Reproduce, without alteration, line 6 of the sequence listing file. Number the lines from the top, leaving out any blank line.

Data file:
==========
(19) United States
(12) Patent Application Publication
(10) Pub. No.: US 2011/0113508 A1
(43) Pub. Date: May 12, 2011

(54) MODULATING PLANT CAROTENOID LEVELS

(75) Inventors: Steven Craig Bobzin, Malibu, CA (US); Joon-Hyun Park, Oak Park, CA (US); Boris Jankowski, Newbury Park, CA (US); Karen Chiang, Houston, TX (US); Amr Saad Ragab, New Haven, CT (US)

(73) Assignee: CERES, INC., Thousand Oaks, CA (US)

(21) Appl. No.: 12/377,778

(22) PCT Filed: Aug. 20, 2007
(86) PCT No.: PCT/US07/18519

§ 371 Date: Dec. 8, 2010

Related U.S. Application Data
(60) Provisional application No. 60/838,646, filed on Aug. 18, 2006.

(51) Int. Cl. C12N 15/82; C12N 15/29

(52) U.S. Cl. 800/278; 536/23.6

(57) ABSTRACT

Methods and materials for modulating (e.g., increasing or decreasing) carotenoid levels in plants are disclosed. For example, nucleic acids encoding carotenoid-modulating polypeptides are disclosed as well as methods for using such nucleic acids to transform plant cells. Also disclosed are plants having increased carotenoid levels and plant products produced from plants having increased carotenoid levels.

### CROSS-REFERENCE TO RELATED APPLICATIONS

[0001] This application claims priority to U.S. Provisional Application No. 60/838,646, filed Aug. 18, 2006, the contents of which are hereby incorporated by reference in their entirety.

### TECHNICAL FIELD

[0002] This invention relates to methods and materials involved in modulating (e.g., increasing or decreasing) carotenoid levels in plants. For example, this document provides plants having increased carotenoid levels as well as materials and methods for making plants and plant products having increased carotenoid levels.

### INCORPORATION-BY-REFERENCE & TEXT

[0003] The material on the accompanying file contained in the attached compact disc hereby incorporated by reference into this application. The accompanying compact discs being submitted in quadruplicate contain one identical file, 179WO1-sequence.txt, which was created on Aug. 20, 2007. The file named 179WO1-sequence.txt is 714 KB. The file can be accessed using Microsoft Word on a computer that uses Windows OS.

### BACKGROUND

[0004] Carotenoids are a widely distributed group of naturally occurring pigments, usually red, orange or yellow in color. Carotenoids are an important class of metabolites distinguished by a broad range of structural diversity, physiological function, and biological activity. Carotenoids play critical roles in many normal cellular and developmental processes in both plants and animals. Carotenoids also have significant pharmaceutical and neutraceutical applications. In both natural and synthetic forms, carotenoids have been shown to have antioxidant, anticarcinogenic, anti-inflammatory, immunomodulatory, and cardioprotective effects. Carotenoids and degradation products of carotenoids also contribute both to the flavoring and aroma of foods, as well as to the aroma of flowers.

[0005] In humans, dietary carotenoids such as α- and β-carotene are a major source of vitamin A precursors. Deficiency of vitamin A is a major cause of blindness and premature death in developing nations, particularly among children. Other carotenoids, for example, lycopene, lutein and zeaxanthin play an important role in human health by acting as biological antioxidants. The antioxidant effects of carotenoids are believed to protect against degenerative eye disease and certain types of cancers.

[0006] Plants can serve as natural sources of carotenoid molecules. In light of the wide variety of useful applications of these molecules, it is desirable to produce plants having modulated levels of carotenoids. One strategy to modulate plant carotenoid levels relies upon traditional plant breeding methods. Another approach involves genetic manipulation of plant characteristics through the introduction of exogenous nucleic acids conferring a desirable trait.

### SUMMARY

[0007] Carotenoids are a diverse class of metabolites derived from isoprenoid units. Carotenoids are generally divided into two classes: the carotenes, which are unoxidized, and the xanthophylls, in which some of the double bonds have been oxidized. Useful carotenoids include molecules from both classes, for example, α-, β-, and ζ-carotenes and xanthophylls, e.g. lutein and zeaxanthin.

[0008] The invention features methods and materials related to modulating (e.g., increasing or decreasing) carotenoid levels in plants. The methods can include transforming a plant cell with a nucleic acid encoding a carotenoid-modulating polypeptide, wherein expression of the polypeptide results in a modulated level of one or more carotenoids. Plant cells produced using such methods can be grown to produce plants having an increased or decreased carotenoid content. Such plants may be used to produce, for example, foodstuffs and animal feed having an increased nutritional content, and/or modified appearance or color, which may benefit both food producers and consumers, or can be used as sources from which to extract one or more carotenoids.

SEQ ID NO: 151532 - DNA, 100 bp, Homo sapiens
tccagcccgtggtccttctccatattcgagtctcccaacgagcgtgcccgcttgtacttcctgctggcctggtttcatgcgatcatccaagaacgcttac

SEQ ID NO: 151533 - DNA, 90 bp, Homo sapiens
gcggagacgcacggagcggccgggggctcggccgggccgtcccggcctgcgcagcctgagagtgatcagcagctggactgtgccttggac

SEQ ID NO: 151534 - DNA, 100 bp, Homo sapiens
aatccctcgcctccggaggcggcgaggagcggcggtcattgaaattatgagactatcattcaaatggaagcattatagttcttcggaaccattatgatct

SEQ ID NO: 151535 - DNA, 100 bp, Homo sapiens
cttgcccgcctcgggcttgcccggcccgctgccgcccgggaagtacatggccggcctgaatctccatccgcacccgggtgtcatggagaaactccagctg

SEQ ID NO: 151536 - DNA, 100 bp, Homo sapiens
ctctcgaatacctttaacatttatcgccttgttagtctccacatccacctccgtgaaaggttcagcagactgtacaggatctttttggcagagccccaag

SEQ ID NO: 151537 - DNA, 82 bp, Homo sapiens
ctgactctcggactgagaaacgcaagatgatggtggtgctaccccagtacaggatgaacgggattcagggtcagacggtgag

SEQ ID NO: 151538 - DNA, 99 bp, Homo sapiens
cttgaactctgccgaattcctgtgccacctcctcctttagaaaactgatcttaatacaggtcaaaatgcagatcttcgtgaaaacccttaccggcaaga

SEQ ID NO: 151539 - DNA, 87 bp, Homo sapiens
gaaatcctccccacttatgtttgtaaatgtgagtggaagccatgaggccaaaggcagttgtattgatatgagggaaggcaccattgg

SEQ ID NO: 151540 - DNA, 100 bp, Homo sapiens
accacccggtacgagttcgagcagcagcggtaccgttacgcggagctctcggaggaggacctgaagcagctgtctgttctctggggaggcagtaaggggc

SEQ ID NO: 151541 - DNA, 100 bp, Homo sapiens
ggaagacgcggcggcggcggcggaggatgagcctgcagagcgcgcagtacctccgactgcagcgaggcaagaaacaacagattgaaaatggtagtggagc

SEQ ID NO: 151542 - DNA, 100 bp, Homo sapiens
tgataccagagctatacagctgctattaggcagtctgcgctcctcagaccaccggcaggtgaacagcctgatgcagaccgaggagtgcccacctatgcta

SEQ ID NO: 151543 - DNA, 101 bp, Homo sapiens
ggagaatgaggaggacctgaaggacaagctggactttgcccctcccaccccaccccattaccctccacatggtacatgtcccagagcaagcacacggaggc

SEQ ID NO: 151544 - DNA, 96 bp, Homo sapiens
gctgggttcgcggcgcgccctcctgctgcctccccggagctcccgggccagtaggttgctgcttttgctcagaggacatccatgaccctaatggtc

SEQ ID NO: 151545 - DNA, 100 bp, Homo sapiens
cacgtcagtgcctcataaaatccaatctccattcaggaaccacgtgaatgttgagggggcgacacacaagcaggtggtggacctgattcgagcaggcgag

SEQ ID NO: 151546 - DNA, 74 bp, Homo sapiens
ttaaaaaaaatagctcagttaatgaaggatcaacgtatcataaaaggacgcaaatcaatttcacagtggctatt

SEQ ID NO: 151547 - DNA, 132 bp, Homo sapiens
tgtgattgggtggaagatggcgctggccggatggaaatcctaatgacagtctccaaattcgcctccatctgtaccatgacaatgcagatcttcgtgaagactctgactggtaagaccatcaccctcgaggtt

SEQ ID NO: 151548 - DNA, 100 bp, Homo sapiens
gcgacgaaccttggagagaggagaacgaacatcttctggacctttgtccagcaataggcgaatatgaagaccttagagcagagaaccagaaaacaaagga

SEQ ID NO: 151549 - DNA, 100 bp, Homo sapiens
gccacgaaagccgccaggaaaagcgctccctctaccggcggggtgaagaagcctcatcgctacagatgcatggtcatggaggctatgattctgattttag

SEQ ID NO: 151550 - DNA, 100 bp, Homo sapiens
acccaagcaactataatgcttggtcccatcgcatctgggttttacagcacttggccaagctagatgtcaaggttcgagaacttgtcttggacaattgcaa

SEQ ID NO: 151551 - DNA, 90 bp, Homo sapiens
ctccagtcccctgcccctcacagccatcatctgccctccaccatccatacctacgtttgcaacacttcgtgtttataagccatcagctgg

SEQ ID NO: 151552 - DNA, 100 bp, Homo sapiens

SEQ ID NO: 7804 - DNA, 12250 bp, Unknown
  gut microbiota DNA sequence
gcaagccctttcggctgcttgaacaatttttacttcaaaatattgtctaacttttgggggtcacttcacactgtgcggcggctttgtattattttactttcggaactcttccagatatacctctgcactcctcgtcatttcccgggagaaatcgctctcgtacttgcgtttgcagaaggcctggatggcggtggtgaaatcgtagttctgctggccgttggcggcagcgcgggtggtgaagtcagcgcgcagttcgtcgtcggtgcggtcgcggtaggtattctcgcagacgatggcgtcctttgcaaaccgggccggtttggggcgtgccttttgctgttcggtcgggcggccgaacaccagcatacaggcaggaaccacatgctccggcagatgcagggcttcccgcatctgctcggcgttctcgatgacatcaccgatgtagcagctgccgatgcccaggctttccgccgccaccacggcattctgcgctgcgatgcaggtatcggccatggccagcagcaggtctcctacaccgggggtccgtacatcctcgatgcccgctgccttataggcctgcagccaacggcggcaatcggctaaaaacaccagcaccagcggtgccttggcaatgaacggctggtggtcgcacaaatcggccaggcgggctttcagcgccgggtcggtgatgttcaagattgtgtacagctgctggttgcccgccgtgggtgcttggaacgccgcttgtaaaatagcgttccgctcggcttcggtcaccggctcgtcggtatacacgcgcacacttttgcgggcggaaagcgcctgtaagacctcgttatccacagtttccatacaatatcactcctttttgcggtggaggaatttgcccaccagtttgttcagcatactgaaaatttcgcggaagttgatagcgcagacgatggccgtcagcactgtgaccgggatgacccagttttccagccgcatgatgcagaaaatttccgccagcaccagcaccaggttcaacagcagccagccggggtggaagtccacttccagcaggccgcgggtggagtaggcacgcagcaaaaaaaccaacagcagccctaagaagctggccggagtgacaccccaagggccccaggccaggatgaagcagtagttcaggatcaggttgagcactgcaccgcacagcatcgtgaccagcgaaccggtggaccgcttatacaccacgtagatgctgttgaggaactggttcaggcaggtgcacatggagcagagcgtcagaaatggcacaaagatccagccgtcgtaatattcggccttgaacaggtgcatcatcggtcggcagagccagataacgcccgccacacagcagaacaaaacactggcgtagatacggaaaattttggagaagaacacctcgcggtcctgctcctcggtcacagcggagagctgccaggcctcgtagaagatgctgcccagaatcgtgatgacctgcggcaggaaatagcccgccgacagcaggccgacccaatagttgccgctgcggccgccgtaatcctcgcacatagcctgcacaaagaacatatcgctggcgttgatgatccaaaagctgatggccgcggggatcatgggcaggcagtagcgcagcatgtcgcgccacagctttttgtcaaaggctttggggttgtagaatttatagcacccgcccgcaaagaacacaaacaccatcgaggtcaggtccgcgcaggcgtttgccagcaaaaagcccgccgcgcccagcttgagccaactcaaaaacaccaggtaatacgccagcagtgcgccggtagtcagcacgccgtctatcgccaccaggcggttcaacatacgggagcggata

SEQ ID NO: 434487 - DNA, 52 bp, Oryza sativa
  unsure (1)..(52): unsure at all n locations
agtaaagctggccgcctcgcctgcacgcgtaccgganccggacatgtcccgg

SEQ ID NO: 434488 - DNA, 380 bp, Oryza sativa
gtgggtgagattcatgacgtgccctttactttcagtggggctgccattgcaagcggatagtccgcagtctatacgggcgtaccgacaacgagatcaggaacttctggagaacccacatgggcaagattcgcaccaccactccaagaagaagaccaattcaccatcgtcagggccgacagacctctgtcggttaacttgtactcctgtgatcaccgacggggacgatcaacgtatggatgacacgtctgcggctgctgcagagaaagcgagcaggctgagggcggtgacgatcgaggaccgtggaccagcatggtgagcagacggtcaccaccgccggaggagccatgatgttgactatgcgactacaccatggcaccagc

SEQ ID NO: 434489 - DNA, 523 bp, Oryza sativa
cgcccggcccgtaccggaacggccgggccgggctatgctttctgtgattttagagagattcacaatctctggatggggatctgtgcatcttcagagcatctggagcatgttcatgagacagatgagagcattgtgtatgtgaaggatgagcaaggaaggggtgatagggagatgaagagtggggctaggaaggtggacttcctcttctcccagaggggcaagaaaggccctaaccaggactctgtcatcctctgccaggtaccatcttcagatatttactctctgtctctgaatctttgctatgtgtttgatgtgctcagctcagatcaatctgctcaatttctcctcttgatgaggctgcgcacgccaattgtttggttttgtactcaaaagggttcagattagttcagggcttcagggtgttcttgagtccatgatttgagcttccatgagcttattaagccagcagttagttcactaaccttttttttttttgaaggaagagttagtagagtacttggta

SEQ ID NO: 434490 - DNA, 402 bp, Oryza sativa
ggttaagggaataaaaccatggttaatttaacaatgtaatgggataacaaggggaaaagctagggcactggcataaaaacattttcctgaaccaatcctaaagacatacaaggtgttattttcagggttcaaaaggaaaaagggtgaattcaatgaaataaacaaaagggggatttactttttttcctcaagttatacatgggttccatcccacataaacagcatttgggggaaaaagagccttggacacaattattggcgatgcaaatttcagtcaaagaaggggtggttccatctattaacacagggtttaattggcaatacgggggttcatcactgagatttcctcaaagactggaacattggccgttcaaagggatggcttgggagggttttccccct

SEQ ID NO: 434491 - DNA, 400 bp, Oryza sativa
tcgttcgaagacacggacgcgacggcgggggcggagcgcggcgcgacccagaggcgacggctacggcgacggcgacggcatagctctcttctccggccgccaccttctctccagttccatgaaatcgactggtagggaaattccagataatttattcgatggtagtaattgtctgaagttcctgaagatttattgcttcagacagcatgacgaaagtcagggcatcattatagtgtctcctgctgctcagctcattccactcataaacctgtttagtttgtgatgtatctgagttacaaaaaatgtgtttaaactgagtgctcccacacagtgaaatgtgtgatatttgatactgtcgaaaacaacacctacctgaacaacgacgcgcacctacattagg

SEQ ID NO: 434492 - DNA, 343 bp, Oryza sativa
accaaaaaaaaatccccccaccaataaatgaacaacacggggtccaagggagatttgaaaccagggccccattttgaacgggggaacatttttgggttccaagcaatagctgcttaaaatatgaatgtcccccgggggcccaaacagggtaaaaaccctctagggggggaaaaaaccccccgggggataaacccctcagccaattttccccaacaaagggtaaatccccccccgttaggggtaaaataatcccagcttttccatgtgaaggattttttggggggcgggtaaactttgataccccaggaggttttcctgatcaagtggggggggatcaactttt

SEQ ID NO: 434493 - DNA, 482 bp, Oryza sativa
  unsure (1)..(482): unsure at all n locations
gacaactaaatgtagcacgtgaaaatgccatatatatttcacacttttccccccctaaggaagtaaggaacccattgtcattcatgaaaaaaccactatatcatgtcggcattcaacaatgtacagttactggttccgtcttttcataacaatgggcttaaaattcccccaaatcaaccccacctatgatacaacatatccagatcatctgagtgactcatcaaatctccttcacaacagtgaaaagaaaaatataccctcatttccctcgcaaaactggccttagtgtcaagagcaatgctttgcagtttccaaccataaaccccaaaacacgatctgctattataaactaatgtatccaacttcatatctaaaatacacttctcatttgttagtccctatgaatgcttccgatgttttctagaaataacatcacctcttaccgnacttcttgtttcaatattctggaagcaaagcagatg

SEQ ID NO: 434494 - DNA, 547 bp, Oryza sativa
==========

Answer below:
(75) Inventors: Steven Craig Bobzin, Malibu, CA (US); Joon-Hyun Park, Oak Park, CA (US); Boris Jankowski, Newbury Park, CA (US); Karen Chiang, Houston, TX (US); Amr Saad Ragab, New Haven, CT (US)